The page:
• The search is sensitive to the case of letters ( -i meaning NON insensitive )

      • The search engine considers that any special dot character . represents a single standard character ( not and EOL one )

    • Then, ^\h* matches any optional consecutive range of horizontal blank character(s), as, for instance, a space or a tabulation, from beginning of line ( ^ )

    • Now, the part <table\x20 matches, obviously, the string <table followed with a space character

    • Then we have 3 positive look-ahead structures ( (?=......) ), which are conditions to verify :

      • An overall match needs that these 3 conditions are, simultaneously, TRUE

      • Each of them means : from current position till the end of the current line scanned :

        • Is the string cellpadding=“1” present ?

        • Is the string cellspacing=“0” present ?

        • Is the string border=“0” present ?

      • The VERY IMPORTANT thing to understand is that the working location of the regex engine has NOT changed, when evaluating, one after another, these three conditions. It’s still be right after the space character , located after the <table string !

      • In other words :

        • The order of appearance of each block could have been different ! For instance, (?=.*border="0")(?=.*cellspacing="0")(?=.*cellpadding="1")

        • And the two blocks, below, would, also, have been matched, either !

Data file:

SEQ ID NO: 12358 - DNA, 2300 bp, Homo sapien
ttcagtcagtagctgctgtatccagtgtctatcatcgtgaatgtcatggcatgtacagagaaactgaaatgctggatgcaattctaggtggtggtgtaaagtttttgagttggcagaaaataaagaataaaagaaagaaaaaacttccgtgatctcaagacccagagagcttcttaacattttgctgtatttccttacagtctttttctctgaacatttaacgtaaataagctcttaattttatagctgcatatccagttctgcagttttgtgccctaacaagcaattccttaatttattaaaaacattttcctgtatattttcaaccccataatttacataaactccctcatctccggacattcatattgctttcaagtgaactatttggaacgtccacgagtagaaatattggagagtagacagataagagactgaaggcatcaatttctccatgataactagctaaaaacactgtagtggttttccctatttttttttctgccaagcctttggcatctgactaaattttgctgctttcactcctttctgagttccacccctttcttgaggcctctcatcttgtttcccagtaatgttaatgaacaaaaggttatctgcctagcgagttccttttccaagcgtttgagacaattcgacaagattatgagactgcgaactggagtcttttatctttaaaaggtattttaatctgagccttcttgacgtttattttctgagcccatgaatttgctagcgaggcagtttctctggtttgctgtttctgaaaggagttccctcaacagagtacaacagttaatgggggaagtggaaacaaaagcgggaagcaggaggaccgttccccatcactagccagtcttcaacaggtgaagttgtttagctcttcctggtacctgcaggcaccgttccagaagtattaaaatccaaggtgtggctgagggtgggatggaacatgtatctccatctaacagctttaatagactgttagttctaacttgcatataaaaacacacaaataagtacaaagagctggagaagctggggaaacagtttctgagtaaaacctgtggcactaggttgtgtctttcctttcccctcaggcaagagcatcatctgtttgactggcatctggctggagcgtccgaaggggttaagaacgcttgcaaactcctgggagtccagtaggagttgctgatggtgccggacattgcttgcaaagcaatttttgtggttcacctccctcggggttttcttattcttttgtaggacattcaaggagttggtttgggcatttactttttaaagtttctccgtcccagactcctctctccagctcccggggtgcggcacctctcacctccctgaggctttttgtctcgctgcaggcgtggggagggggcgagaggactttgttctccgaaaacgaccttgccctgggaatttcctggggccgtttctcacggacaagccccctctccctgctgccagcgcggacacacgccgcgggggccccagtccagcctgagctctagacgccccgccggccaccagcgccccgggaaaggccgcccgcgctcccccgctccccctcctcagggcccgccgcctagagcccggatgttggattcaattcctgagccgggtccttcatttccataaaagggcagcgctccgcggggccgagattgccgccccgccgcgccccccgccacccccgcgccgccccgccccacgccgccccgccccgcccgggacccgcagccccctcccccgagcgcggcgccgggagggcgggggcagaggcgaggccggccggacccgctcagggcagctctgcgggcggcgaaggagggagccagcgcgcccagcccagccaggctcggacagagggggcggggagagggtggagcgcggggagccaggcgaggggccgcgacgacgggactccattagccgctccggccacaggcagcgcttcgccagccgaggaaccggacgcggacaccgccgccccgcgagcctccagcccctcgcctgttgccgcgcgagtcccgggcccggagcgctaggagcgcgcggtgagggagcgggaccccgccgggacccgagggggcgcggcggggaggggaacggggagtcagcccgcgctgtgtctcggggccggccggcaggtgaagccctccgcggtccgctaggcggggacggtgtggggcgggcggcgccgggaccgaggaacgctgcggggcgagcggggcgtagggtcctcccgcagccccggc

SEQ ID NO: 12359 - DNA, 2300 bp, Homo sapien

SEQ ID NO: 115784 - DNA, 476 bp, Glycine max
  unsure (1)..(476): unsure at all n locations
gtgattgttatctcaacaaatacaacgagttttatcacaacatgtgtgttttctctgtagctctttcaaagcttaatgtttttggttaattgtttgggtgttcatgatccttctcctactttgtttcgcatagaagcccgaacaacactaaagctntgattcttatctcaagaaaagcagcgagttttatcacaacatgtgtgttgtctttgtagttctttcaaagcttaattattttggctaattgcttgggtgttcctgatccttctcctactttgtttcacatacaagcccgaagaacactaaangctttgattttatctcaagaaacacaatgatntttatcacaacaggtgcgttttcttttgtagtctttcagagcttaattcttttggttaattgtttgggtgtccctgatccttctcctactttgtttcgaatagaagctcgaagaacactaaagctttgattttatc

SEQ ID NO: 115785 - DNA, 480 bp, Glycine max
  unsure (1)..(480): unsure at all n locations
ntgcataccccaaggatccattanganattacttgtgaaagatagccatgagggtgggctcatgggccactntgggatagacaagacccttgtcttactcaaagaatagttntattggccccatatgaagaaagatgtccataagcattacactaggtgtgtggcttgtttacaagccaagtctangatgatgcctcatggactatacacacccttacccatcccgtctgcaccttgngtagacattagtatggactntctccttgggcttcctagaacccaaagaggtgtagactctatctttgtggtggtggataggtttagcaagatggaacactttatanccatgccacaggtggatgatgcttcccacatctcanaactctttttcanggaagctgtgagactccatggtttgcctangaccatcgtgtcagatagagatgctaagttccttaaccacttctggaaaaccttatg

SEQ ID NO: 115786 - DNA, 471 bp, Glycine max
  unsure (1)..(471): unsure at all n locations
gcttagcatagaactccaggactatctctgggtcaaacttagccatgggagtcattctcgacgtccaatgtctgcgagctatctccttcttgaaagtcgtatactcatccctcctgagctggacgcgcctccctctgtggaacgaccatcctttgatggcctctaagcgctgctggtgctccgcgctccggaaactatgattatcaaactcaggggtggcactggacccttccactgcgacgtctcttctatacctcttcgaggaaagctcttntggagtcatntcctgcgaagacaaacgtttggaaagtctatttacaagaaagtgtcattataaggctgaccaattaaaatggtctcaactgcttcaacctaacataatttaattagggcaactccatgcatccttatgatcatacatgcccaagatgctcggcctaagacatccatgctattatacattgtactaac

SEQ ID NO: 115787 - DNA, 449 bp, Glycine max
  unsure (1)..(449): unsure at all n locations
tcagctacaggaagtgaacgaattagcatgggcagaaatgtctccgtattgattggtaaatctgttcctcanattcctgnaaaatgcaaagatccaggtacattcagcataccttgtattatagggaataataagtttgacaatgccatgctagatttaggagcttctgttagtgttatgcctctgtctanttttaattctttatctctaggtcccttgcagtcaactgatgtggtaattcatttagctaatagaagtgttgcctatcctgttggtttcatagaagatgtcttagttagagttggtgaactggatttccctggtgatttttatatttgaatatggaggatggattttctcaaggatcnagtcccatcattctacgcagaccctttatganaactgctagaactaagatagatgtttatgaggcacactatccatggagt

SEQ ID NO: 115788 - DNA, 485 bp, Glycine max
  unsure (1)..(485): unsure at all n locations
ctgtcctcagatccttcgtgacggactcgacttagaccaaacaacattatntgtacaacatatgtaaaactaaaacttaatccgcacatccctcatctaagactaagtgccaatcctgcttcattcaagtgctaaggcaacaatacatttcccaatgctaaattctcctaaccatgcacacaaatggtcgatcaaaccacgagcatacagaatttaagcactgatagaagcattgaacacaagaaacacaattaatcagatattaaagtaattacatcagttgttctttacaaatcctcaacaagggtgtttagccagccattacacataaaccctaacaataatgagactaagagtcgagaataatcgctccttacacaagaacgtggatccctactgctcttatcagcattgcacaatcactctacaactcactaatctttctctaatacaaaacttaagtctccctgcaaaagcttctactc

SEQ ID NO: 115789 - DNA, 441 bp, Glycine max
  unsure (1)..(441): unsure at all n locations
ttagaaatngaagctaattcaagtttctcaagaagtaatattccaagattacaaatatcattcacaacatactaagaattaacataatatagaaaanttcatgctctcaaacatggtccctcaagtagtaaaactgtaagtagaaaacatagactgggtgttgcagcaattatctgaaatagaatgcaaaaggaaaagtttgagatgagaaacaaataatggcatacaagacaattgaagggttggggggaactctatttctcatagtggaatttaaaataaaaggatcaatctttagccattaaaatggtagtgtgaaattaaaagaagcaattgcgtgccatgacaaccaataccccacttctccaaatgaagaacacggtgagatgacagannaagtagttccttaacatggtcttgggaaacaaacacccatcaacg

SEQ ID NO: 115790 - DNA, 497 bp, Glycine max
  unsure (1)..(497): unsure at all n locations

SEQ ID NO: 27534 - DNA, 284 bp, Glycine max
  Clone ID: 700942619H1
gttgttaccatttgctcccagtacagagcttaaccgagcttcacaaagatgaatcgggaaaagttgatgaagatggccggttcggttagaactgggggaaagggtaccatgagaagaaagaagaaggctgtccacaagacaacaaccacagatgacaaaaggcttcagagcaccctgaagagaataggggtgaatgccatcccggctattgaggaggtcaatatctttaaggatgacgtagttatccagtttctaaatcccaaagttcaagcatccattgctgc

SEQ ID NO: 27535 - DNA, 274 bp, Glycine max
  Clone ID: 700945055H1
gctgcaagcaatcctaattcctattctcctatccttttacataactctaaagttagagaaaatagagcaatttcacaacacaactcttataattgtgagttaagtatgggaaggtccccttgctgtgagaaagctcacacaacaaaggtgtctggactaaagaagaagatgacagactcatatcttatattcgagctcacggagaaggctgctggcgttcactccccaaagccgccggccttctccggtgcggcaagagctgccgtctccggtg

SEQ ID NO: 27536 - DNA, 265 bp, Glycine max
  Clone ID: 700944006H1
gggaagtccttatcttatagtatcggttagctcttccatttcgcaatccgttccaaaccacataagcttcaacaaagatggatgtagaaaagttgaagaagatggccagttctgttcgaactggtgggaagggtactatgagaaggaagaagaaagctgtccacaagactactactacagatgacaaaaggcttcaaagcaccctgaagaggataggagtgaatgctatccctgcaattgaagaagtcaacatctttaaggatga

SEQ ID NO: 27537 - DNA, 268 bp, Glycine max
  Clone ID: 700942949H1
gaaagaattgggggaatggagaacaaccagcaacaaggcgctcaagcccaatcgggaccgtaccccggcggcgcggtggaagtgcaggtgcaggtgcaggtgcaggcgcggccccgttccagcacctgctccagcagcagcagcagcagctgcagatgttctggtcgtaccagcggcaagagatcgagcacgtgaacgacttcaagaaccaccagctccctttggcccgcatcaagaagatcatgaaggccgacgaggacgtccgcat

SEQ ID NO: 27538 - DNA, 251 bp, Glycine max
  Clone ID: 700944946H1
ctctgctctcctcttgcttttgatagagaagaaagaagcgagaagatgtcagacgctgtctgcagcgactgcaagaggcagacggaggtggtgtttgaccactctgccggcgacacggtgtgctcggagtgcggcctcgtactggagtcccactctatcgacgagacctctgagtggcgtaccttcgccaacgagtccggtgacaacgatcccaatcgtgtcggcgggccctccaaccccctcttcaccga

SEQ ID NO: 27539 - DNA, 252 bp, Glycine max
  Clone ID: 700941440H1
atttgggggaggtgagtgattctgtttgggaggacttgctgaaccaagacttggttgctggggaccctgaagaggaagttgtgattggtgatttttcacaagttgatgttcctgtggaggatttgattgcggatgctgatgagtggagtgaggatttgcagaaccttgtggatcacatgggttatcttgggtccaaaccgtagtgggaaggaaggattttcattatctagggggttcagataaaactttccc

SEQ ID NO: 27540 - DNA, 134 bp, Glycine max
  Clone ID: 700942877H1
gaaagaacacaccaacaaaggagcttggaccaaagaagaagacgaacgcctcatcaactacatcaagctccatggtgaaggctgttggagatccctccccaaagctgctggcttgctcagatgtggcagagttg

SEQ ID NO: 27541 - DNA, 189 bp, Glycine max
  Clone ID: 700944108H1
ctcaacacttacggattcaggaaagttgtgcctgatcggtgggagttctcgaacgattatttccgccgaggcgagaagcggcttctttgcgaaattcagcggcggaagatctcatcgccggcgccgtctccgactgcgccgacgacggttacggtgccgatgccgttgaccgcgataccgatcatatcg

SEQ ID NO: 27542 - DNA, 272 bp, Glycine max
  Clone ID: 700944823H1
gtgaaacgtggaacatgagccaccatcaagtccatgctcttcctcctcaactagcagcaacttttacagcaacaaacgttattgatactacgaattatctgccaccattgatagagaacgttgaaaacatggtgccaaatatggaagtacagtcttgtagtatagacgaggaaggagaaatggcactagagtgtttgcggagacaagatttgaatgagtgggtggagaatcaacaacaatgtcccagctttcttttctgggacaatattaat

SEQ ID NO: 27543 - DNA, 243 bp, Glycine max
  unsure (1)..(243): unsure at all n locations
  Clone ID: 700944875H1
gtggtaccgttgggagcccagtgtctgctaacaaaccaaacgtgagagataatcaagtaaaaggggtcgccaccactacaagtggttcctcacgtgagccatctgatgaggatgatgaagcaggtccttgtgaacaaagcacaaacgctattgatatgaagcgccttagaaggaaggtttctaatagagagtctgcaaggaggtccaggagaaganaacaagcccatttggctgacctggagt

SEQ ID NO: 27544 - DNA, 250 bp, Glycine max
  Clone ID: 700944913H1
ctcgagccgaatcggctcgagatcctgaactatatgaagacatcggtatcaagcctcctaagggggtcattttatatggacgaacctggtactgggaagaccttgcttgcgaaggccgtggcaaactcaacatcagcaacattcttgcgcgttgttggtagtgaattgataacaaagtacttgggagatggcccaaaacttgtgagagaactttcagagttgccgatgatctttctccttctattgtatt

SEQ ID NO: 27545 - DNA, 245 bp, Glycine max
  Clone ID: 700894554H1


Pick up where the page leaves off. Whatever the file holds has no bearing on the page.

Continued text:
<table cellspacing="0" cellpadding="1" border="0">
                bla bla blah
                blah blah
                bla bla bla
            </table>
    
            <table border="0" cellpadding="1" cellspacing="0">
                bla bla blah
                blah blah
                bla bla bla
            </table>		
    
    • From above, we can deduct that the .+> part matches the longest range of standard characters, after the string <table with a space char, till a > symbol, located in current line

    • Then, the (?s) modifier means that, from now on, the dot . character will match, absolutely, any character, even EOL chars !

    • So, the part .*? represents the smallest multi-lines range of characters, possibly empty, of any character, after the > symbol…

    • …Till the string </table>, due to the final part of the regex </table>

    Best Regards,

    guy038

    P.S. :

    To force the regex engine to catch the 3 attributes cellpadding, cellspacing and border, in THAT order, exclusively, two solutions :

    • (?-is)^\h*<table\x20(?=.*cellpadding="1" cellspacing="0" border="0").+>(?s).*?</table> ( a single look-ahead )

    • (?-is)^\h*<table\x20(?=.*cellpadding="1"(?=.*cellspacing="0"(?=.*border="0"))).+>(?s).*?</table> ( 3 nested look-aheads )



  • wow! thank you very much!
    It works perfectly with scott-sumner’s solution.
    guy038’s only finds the first (of two) table I’m looking for in the file.

    But your explains are great and help me understand better regexp!

    Thank you very much.